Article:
The Gettysburg Address Soundtrack Review: This is a review of the documentary score The Gettysburg Address by Luke Richards.
At a glance:
Geek Score: 96.6
Total Minutes Of Excellence: 38.8
Album Excellence: 95%
The Gettysburg is a 2015 American documentary directed by Sean Conant and starring Dermot Mulroney, Michael C. Hall and Sam Elliot. In the midst of the Civil War, President Lincoln went to Gettysburg, the place of America’s greatest suffering, to offer his “few appropriate remarks” at the dedication of the Soldiers’ National Cemetery. In 272 words he redefined the meaning of the war, explained to a wounded nation why the bloodletting must continue–what was worth fighting and dying for. “The Gettysburg Address” investigates the five extant copies of Lincoln’s famous speech, separating fact from fiction along the way. Lincoln’s greater journey to Gettysburg is chronicled, from his early anti-slavery sentiments as a poor farmer’s son to his rousing orations as one of America’s greatest leaders. In a spirit not dissimilar to Lincoln’s transcending proposition of rebirth at Gettysburg, the film investigates for the first time the speech’s many cultural and historical significances, both then and now. The score is composed by Luke Richards.
The album runs for about 63 minutes. The score opens with ‘The Gettysburg Address (Main Title)’ which is a calm and heroic theme, lots of strings and woodwinds. It sounds like it is played by a big orchestra. It has a great sound to it, sounding lush and sweeping. The cue is fit for a president. The second cue ’Conceived In Liberty which is following up where the main title ended. It’s in the same vein as the opening cue. Calm and slightly heroic. What’s new here is the piano which plays a nice theme. Is it me or does it have a bit of sadness to it? I love how it sounds though. Time for a march. ‘The Union March’ is exactly that, a march. It sounds like it was conceived in the 1860s. The big sounding orchestra is gone and instead we have a classic march with thin sounding horns. I can’t argue with it’s authenticity, but I’m already missing the big orchestra. ‘Civil War / Emancipation’ gives me goose bumps when the piano comes in and plays that lovely theme. I’ve been close to getting goosebumps before, but this time it’s clear. This is the best one so far and that goes for the theme as well. ‘Humble Origins’ is a lovely piano-only theme, but it doesn’t change much. It’s more of the same lovely music that I’ve heard so far. ‘The Carnage Of War’ however definitely changes the mood, style and temp. It’s a dark and exciting cue, very tense and has a lot of excellent stick percussion which I love. This is very different from what I’ve heard so far, but in this case, different is excellent.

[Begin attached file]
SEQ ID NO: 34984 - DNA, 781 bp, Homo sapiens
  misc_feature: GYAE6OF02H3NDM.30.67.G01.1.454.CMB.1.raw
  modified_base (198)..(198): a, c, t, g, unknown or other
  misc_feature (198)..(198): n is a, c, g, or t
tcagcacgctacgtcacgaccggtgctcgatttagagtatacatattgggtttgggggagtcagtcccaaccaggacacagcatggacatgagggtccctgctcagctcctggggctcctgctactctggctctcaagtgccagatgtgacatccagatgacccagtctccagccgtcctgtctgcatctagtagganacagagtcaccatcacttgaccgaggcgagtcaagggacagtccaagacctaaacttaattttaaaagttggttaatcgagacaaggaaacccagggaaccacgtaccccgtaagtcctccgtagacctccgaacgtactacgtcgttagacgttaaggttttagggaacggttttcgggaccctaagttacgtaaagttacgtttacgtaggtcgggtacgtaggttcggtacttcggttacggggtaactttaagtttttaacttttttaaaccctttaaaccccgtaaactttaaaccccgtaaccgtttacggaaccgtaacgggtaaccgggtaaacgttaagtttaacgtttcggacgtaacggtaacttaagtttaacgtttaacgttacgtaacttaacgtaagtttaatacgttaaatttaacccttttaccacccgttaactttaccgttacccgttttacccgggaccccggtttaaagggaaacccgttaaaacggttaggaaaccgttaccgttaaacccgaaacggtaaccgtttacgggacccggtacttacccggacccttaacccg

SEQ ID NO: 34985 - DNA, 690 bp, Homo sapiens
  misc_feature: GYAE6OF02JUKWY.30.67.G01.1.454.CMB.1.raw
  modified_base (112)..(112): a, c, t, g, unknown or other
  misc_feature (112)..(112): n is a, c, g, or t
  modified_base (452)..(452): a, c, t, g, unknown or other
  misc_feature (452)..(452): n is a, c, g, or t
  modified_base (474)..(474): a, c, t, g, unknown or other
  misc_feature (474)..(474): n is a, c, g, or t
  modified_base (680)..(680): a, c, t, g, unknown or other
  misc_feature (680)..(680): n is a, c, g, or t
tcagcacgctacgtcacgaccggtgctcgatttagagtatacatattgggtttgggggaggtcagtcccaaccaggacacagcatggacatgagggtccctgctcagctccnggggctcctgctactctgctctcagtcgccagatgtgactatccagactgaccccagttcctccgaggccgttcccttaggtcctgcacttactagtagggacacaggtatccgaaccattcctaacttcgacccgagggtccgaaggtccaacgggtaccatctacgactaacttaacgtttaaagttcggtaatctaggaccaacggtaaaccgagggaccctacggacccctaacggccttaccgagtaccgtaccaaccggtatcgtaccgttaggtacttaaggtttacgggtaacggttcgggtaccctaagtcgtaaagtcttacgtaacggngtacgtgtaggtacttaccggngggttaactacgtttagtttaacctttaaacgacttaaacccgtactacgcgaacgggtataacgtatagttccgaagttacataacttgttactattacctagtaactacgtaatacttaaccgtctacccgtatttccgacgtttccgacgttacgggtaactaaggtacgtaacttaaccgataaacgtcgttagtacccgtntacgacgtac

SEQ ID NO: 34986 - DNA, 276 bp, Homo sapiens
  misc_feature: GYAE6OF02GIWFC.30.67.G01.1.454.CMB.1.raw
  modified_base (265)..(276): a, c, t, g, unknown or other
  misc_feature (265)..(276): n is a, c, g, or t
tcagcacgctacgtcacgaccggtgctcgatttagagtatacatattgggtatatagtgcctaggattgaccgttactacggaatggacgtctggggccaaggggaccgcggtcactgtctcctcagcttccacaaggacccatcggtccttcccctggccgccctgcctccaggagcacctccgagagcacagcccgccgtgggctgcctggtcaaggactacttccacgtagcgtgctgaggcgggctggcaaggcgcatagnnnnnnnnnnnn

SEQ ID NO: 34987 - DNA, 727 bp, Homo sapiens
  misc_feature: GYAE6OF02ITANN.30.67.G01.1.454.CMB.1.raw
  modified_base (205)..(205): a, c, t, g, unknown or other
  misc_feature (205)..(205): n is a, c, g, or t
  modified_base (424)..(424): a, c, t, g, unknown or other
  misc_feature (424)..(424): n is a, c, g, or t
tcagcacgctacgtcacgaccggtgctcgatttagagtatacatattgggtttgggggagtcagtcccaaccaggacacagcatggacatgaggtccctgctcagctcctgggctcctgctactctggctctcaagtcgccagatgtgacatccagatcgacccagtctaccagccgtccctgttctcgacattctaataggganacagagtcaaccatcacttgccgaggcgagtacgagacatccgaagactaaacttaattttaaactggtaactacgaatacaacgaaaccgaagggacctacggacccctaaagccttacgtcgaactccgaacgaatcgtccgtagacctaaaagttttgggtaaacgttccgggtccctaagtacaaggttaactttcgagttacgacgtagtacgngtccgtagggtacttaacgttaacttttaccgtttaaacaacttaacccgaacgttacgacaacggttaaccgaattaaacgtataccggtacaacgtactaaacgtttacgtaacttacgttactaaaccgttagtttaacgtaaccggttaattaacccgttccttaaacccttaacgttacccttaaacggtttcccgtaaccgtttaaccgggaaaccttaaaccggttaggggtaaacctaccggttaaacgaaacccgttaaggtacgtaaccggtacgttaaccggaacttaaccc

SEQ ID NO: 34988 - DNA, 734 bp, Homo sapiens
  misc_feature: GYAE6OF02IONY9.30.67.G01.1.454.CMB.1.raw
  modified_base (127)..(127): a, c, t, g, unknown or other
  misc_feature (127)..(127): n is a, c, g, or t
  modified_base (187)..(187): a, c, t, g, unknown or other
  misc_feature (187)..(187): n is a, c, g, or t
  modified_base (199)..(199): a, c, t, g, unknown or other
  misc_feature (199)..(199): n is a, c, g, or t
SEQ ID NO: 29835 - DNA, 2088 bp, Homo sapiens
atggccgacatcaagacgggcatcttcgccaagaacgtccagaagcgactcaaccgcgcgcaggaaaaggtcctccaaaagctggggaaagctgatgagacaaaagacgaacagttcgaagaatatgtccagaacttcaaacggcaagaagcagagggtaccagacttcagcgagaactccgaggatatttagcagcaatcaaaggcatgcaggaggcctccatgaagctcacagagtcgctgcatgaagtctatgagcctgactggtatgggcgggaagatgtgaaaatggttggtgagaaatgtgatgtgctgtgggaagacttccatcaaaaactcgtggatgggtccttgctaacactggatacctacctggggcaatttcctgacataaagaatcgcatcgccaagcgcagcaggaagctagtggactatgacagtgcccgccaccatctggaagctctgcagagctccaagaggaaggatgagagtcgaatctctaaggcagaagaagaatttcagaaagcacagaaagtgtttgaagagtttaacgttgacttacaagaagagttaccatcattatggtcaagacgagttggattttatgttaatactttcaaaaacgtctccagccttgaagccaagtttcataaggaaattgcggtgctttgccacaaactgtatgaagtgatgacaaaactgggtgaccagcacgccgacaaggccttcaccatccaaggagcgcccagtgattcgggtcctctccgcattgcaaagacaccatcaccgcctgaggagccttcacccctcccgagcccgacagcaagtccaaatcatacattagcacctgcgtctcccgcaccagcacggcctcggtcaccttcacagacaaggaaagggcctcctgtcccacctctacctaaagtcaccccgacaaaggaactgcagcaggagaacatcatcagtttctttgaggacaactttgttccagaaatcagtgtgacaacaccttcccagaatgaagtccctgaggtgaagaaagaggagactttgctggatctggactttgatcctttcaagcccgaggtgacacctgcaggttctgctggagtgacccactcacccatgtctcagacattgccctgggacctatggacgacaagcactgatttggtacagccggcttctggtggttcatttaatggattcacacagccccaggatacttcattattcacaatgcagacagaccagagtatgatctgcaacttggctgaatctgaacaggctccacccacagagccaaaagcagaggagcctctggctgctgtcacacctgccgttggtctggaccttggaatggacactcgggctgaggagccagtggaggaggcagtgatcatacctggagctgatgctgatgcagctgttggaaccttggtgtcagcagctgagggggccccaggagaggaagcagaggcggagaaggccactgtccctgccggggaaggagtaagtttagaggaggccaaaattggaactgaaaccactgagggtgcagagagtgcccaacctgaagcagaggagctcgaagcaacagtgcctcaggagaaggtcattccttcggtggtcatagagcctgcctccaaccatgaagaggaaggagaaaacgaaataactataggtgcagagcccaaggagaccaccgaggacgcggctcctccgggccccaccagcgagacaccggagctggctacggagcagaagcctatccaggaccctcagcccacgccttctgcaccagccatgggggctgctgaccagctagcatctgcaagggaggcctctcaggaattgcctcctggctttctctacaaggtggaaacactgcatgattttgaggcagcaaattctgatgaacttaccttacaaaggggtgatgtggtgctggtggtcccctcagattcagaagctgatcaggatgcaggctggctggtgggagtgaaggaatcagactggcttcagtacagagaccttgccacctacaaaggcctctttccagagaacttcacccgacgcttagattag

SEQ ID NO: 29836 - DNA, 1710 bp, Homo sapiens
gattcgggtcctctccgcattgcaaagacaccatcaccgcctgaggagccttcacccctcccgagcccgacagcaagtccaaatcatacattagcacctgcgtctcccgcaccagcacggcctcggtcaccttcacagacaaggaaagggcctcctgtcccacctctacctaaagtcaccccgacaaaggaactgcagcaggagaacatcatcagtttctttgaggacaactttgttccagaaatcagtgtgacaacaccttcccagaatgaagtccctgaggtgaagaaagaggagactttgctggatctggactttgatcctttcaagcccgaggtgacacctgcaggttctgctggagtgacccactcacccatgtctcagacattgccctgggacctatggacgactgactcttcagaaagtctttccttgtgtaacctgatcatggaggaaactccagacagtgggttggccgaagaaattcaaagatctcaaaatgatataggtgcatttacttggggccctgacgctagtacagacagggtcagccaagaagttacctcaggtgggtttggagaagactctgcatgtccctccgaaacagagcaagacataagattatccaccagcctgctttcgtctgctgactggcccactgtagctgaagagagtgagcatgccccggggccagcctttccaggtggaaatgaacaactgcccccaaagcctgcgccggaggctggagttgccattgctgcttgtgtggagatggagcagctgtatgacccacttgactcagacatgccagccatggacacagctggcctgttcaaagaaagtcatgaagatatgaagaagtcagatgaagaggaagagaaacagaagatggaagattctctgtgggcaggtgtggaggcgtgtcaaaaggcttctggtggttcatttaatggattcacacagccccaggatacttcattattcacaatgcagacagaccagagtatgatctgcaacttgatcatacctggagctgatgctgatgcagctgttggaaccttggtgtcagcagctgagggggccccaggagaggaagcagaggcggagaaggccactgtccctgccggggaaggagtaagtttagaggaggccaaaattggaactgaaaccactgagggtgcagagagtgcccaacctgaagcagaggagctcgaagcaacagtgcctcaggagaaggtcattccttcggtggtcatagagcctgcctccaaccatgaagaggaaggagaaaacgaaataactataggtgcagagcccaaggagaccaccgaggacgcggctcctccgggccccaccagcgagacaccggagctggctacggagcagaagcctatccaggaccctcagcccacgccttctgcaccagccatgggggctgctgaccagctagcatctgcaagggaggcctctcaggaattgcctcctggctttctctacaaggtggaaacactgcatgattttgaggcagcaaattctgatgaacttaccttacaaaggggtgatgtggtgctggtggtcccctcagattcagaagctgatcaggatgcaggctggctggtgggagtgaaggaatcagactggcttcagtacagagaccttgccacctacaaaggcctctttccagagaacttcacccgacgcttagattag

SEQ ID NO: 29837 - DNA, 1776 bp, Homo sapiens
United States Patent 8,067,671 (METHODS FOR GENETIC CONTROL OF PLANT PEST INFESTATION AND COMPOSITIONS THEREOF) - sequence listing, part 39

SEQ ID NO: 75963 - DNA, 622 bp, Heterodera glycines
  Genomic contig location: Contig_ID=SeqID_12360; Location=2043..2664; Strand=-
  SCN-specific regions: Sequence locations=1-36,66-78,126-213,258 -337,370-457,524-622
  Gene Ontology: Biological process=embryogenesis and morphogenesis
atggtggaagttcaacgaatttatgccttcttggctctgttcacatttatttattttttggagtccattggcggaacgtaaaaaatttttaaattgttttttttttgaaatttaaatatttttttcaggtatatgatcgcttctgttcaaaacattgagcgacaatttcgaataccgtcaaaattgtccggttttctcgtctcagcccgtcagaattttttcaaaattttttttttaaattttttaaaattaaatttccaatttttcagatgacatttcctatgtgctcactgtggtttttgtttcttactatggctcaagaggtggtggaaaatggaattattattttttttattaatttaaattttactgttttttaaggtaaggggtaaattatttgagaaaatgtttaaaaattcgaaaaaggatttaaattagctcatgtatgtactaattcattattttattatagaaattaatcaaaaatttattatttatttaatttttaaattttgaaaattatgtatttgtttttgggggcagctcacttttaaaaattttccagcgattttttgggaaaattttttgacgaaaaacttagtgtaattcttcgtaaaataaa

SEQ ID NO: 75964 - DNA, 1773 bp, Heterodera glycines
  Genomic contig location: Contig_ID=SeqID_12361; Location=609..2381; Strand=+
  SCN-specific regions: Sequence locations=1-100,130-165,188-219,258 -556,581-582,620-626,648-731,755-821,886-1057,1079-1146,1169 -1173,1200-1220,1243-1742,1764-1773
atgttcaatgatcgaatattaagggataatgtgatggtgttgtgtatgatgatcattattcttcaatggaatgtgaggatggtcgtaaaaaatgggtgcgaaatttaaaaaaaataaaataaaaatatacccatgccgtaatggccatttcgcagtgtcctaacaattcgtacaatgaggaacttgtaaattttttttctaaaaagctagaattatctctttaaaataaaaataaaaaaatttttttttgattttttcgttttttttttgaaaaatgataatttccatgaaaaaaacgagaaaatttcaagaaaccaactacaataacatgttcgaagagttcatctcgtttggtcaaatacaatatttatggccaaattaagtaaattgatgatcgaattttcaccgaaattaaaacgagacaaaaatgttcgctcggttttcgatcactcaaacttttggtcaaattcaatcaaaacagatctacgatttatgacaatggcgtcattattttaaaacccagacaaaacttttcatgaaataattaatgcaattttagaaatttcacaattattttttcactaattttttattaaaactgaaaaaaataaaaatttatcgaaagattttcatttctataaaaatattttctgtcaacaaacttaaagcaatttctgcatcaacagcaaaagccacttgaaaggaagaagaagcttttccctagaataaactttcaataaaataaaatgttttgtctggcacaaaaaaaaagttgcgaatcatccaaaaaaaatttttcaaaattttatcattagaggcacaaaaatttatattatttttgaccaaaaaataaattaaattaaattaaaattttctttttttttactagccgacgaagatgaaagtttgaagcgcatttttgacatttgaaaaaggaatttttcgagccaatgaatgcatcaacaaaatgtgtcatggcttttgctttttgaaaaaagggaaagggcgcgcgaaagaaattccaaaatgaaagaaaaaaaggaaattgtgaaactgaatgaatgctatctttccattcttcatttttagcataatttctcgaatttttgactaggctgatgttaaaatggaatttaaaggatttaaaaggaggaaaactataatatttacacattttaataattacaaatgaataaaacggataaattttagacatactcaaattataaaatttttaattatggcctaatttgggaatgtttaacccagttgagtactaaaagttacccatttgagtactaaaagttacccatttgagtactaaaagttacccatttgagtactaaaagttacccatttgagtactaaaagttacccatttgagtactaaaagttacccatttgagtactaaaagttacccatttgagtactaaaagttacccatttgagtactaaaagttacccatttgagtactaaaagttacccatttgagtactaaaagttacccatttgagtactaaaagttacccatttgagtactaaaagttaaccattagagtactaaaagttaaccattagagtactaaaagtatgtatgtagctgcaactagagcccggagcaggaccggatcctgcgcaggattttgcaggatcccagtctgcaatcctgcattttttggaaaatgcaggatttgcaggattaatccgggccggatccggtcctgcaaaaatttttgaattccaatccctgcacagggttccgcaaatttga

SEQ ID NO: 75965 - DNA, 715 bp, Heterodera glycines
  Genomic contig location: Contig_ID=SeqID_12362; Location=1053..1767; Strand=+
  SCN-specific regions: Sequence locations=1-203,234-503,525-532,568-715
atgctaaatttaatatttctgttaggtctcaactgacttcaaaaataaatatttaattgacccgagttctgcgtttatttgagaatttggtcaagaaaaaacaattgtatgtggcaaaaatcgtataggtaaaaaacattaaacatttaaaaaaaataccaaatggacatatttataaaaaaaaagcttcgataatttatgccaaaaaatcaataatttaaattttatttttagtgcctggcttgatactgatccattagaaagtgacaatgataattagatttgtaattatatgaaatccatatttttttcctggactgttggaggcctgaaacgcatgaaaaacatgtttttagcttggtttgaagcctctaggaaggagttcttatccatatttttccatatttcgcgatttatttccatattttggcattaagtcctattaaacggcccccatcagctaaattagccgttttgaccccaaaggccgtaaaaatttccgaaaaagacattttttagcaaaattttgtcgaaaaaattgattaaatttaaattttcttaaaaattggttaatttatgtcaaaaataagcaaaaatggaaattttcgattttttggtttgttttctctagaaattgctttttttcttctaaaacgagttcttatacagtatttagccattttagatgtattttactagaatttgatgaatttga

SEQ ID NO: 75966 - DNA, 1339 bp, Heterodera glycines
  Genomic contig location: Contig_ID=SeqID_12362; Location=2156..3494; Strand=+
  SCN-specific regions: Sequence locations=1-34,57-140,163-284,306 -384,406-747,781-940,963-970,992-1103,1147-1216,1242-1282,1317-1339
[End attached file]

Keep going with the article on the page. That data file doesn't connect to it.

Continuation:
Maybe ‘The Carnage Of War’ was a one-off because we are back in lush orchestral land with ‘Writing The Address’ which contains another beautiful piano theme. Getting close the end now with the stunning ‘Unfinished Work’ which features a subtle but memorable choir. It ends with ‘The Long Road To Freedom (End Credits)’ which features a soft female voice, but the main thing is it’s building up and the powerful ending with a big string finale. Don’t miss it! This has been a superb surprise, one of the biggest for me in 2015. I haven’t heard of Luke Richards before, and I didn’t even know about this documentary, but this score absolutely delighted me.
1. The Gettysburg Address (Main Title)
3. Conceived In Liberty
6. Civil War / Emancipation *
8. Humble Origins
10. The Carnage Of War
12. Writing The Address *
14. These Honored Dead
17. Assassination / The Legend Grows
19. Words For The Ages
20. Unfinished Work *
21. The Long Road To Freedom (End Credits) *